announcement

Check our homepage for new, visually rich, fast and immersive experiences!

Melena - Blood in Stool

Melena - Blood in Stool

Black tarry (sticky and smelly) feces, that is associated with gastrointestinal hemorrhage, is known as melena. The stool turns black in color because of the oxidation of the iron that is present in the hemoglobin (producing hematin that is black in color) when blood passes through the colon. Here's more...
HealthHearty Staff
Last Updated: Mar 16, 2018
Melena signifies that bleeding is present in the upper gastrointestinal (GI) tract or the right colon, as the blood is present in the body for a longer period of time for it to break down. Blood from the sigmoid colon or the rectum does not stay in the body long enough to break down, and is passed through quickly. Hence, in such cases, the blood is visible in the stool, and is red in color.

There are cases wherein the bleeding from the GI tract is very slow. In these cases, the bleeding is termed occult, i.e., it is not visible to the naked eye. The blood can be detected only by testing the stool for blood. The causes of this kind of melena are the same as when the stool is tarry. In addition, it is also associated with anemia, which is caused due to the loss of iron along with the blood.

Causes of Blood in Stool
  • Gastritis: This is the condition wherein the lining of the stomach is inflamed, and is usually caused by alcohol abuse, spicy food, smoking, and bacterial infection.
  • Esophageal Varices: These are dilated veins that are present in the upper stomach or the lower esophagus. These veins can rupture due to portal hypertension, which is caused by the cirrhosis of the liver. This is a very serious condition, and the blood that is leaked from the ruptured veins is seen in the stool or is vomited out.
  • Bleeding Ulcers: Ulcers are sores present on the lining of the stomach, and can cause bleeding. A common myth prevalent today is that stomach ulcers are caused due to spicy food. This is not true. Yes, the spicy food may aggravate an already present ulcer, but the fact is that a bacterium by the name 'Helicobacter pylori' causes ulcers in the stomach. Your physician will prescribe antibiotics to help remove the infection.
  • Prolonged use of pain medications, known as NSAIDs (Non Steroidal Anti-Inflammatory Drugs) can also cause ulcers in the stomach, leading to melena.
  • Mallory-Weiss Tear: Violent vomiting, coughing, or epileptic convulsions can cause a tear in the mucous membrane that joins the esophagus and the stomach, and may cause bleeding. Thankfully, this condition is very rare.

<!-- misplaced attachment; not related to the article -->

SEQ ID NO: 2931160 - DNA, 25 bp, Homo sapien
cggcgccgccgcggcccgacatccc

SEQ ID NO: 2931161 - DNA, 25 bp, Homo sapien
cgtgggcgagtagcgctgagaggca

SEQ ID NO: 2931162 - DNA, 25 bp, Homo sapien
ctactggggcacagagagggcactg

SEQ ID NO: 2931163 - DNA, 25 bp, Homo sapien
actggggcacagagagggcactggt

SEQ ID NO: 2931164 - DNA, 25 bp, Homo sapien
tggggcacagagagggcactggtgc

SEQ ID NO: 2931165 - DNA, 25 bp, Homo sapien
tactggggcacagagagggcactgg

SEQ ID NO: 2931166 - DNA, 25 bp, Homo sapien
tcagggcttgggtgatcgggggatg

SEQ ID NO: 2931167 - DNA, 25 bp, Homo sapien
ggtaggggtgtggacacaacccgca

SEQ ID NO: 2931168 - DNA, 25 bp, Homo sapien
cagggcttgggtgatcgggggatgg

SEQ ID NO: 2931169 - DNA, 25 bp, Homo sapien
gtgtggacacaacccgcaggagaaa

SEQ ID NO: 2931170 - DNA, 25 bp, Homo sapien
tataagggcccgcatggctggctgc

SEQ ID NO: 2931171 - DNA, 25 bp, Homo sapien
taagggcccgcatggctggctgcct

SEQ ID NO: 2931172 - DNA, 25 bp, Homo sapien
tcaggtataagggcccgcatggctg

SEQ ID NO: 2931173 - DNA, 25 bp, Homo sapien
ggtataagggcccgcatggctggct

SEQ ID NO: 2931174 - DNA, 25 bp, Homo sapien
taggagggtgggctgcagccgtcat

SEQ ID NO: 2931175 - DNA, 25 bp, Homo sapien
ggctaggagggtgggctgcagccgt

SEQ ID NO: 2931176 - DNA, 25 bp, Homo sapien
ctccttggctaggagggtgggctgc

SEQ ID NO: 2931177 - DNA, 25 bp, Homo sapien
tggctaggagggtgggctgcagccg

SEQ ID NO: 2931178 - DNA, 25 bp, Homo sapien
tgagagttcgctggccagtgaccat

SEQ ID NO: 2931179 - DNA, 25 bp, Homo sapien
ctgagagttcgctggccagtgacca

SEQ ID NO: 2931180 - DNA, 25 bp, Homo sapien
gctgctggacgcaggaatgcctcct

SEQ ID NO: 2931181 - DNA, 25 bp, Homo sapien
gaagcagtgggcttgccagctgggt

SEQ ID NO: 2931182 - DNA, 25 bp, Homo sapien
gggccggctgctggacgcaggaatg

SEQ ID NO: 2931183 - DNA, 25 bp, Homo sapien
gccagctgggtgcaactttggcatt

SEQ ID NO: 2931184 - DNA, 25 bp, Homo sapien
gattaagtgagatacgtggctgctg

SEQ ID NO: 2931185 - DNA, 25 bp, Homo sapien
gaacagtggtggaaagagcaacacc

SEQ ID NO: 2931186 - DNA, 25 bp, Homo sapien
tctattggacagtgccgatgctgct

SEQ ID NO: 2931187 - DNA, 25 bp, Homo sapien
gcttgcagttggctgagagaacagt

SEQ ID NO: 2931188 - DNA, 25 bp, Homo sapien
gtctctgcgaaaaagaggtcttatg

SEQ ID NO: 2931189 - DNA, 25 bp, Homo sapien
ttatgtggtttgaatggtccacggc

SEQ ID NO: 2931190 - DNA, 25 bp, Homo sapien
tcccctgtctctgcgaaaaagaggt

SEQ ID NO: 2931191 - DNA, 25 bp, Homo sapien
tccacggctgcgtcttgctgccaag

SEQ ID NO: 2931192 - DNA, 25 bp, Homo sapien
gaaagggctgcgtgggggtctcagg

• Melena is also seen in newborn infants due to swallowed maternal blood. However, this condition heals in a couple of days.
Diagnosis of Melena

If your stool is black in color, it can be attributed to melena straight away. Your doctor will order a fecal occult blood (FOBT) test that will measure the amount of blood that is present in the feces. It is a very simple test, wherein only a sample of the stool is required from the patient. Melena is conformed if the stool contains more than 200 milliliters of blood. Once, it is diagnosed, your doctor will order further diagnostic tests that will help determine the cause of Melena. These tests could be x-rays, colonoscopy, gastroscopy, and a culture of the stool.

False Alarm

Many times, a black stool can be due to various food, medication, or minerals. This condition is known as 'false melena'. The main culprit is iron supplements taken alone or as a part of a multivitamin medication, and is usually seen in people who take these medicines to treat anemia. Some of the other foods that can cause the stools to turn black are blueberries, black licorice, lead, and bismuth. A doctor should be consulted immediately if you cannot associate the black color of your stool to the food that you have eaten or if the blackness continues to persist for a few days.

Melena is totally treatable, and you must consult your doctor as soon as you notice something amiss in your stool, before any complications arise. It is not a medical emergency as the bleeding is slow, but urgent care is mandatory. Do not hesitate to seek help, and very importantly, avoid taking over-the-counter medications unnecessarily. Also, eat healthy, so that this condition does not arise in you.

Disclaimer: This HealthHearty article is for informative purposes only, and should not be used as a replacement for expert medical advice.